Did you know that watercress is highly rich in nutrition yet low in calories? Have you tried its sharp zingy taste?
Watercress is grown in various regions around the world as a medicinal herb or a water vegetable. However, they are considered as a weed in some parts of the world. Nonetheless, recent scientific discoveries have been able to prove their potential health benefits.
This article will walk you through the various benefits of this microgreen and a method to harvest it.
What Are Watercress Microgreens?
Watercress is an edible aquatic plant that is native to Europe and Asia. It is also naturalized in places like southern Canada and the USA.
All the parts of these plants are edible. This includes the fruit, roots, and flowers. However, the roots have an unpleasant flavor, and hence, they are often discarded.
This species of plant is botanically named Nasturtium officinale and belongs to the family Brassicaceae. This includes greens like broccoli, cabbage, cauliflower, collards, arugula, kale, mustard, and turnip. Similar to the other greens, watercress also has a zingy, peppery, and spicy flavor.
Watercress forms thick colonies and roots loosely from the stems. The leaves are mid-green in color and oval in shape.
The texture of the leaves appears soft, while the stems are pale and appear crisp. These pinnately structured plants also produce tiny beautiful white and green flowers.
Benefits And Nutrition Of Cress Microgreens
Watercress, like most microgreens, is high in terms of nutrient density. It can prove to be significantly beneficial to your health if you consume them habitually.
Also, watercress is ranked number one with a nutrient score of 100 by the CDC in powerhouse fruits and vegetables. These are a list of food that is strongly linked with decreased chronic diseases risk.
1. It Is Rich In Vitamin K
Watercress microgreens are known for their high vitamin K content and vitamin C. These greens can improve body metabolism and regulate calcium levels in the blood. They also contain other vitamins such a vitamin E, vitamin C, and vitamin B6.
2. High Mineral Content
Watercress is as rich in mineral content as it is in vitamins. It includes magnesium, potassium, copper, sodium, and phosphorus. They can be beneficial in fighting depression, regulating fluid balance, and blood regulation.
3. High Antioxidant Content
Watercress leaves contain a high level of antioxidants that can aid in fighting chronic diseases. This includes diabetes, cardiovascular diseases, and various types of cancer. Antioxidants can fight against damages in the tissues caused by harmful molecules that enter your body.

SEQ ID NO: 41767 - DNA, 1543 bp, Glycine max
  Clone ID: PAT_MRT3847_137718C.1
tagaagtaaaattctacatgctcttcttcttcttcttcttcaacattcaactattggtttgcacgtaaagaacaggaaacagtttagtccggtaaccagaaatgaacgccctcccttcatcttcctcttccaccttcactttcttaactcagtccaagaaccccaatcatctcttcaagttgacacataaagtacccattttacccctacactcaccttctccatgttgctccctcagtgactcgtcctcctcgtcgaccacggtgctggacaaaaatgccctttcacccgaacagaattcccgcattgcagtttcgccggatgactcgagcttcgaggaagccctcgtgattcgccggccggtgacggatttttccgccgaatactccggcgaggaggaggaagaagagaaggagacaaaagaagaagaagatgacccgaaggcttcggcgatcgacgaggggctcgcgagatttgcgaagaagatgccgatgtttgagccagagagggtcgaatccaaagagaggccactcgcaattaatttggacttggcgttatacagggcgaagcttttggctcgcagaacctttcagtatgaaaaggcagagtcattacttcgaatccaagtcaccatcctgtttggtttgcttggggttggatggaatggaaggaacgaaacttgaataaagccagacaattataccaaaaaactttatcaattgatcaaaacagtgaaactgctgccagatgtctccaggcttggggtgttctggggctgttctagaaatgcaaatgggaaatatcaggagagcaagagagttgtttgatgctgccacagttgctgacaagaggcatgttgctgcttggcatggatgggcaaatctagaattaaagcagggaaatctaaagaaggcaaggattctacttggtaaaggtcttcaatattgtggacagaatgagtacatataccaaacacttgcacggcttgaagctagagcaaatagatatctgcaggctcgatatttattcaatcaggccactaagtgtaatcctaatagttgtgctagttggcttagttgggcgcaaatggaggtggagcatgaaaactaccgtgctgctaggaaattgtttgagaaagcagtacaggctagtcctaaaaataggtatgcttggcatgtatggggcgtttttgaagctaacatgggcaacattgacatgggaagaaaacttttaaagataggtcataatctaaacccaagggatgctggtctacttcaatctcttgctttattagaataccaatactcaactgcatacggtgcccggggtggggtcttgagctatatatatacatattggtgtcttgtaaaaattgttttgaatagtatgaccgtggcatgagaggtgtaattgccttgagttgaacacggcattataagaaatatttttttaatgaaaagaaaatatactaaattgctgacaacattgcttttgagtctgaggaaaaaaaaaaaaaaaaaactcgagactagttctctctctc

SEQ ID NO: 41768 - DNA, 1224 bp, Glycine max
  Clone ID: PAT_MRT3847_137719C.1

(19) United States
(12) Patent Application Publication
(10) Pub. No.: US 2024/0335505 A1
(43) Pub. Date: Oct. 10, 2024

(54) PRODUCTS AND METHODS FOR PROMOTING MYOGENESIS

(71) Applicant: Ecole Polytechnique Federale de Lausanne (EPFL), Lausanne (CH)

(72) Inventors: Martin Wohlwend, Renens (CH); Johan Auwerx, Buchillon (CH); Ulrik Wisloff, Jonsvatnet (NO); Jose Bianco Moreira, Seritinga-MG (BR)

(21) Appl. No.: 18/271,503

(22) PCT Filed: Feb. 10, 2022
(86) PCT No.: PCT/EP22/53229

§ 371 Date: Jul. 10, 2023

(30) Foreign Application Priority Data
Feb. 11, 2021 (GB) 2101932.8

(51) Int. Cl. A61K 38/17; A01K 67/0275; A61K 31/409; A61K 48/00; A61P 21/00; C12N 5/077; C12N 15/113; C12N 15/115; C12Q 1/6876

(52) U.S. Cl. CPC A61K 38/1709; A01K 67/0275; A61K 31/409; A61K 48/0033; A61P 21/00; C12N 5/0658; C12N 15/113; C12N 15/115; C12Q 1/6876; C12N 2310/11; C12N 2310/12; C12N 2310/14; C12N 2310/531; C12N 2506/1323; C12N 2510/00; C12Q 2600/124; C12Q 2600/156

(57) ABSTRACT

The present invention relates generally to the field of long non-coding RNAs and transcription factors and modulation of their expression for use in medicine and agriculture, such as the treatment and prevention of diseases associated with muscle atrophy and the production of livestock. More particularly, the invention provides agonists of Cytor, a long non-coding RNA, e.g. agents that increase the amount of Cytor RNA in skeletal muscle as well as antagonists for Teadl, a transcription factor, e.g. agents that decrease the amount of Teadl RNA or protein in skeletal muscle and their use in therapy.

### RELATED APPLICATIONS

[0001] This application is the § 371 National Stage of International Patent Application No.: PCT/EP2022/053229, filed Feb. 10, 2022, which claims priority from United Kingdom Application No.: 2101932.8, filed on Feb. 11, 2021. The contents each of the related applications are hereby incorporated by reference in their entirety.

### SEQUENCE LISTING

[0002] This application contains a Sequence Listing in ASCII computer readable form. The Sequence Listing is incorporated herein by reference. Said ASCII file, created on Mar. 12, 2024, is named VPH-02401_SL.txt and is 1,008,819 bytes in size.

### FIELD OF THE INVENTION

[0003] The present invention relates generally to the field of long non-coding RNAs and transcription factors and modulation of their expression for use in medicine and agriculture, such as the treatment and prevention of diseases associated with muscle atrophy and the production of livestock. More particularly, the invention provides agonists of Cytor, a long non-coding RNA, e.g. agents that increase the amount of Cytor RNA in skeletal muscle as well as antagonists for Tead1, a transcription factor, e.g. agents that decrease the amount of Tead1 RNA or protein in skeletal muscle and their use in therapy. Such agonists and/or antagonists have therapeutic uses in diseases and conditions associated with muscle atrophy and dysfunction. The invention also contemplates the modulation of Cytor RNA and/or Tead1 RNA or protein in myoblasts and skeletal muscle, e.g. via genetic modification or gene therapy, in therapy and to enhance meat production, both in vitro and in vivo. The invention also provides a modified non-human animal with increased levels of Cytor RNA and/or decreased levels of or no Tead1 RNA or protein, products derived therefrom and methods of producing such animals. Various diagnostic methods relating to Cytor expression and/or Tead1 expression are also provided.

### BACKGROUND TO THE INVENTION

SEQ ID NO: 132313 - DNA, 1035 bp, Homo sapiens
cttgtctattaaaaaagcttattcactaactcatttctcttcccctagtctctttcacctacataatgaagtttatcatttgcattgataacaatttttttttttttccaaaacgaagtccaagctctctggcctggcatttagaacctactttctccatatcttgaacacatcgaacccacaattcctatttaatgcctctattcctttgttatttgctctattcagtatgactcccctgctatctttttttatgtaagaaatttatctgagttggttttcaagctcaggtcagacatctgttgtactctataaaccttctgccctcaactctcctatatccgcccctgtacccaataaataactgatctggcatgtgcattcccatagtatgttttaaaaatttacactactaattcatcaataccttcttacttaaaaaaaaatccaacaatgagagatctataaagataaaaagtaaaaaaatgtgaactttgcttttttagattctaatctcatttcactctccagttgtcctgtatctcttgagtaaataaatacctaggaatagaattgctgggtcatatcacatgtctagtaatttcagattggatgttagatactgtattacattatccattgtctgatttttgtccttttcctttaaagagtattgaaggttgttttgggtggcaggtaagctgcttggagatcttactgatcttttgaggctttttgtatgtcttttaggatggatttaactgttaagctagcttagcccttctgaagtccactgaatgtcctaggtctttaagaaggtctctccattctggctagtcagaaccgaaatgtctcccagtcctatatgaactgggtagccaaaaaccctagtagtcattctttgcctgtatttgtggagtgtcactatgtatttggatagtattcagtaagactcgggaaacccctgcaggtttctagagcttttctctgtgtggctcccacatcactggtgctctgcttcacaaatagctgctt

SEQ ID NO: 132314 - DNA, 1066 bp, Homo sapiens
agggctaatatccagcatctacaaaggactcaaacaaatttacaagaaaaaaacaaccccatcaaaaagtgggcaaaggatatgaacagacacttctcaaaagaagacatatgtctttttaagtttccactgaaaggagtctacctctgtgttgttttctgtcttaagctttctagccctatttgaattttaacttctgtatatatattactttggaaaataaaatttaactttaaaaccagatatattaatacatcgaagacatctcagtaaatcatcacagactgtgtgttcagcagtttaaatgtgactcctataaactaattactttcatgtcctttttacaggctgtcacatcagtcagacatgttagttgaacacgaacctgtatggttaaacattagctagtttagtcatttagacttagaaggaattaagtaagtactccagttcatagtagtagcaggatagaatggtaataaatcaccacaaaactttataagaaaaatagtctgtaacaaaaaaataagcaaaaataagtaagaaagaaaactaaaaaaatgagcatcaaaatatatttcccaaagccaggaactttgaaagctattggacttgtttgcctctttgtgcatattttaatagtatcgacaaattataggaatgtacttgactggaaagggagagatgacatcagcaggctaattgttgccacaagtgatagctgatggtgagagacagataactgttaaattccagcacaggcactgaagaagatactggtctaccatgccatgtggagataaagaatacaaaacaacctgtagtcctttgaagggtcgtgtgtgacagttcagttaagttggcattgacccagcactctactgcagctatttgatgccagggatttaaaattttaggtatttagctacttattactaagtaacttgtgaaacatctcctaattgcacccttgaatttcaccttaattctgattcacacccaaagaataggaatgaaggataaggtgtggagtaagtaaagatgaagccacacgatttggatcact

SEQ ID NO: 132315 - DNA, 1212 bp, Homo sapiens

4. Fitness Benefits
Watercress can be beneficial in cases of weight management since it contains low calories and high nutrients. The nitrate content in these microgreens can enhance your exercise performance. These nutrients can improve your athletic performance by enhancing stamina.
How To Grow Watercress Microgreens Non-GMO Method
You can buy non-GMO watercress seeds from any store that sells them. These cress seeds look like chia seeds. They are small and viscid.
It is not necessary to pre-soak these non-GMO seeds. However, they should be moist while planting. You do not need a field for this purpose. You can plant it in a planter or a tray filled with soil.
You will have to water them twice a day. The germination period for this plant is only about two days. After the germination, you can see the results as tiny leaves in about five to ten days.
How To Harvest Them?
These are soil or hydroponic plants that will take less than two weeks before they are mature enough to harvest them. This herb can be harvested within ten to twelve days after planting the seeds.
The first set of leaves are cotyledons that are supposed to be untouched. Whereas, when the full leaves grow, you can cut them with a pair of sharp scissors.
You have to ensure you do not pull the plant off the soil since it will disturb the roots.
What To Use It For?
Watercress microgreens are best if it is eaten raw or lightly steamed. It can be used in many types of dishes.
It can be a delicious addition to your salads, sandwiches, or your soup. Here are some versatile ways to add flavor to your meals with watercress microgreens.
Cress Microgreens- Culinary Tips
- You can replace lettuce with watercress microgreens, sometimes in your salads or sandwiches.
- You can mix this herb in your soup dish when it is boiling to give it a tangy taste.
- Watercress microgreens can add a zingy flavor to your morning eggs.
- The leaves can be used to add an extra flavor to your dishes if you use them as a garnish.
- You can also make a watercress sauce by mixing it with olive oil and garlic.
You can store microgreens in an enclosed resealable bag or a container in a cool and dry place.
You can store them in a damp microfiber cloth or a simple paper towel if plastic resealable bags are unavailable. This will ensure the microgreens do not dry or wilt out. The dampness will also help in locking the nutrition.
How long can you store them?
If you buy the sprouts from a seller, they can be stored in your refrigerator for about ten to twelve days. However, if you grow them on your own and harvest them, they can be stored for two weeks.
People are increasingly realizing the benefits of the rich nutrients in watercress. Watercress can be a flavorsome addition to your meals that can be an alternative for mustard greens, spinach, or lettuce.
So, go ahead and add this herb to your dietary wishlist!
James Fields is the founder of Gardener to Farmer. His passion for gardening goes back to his childhood days when he would visit his grandfather during the holidays and help him with the plants in the backyard. This has now translated to creating a dependable resource for gardening.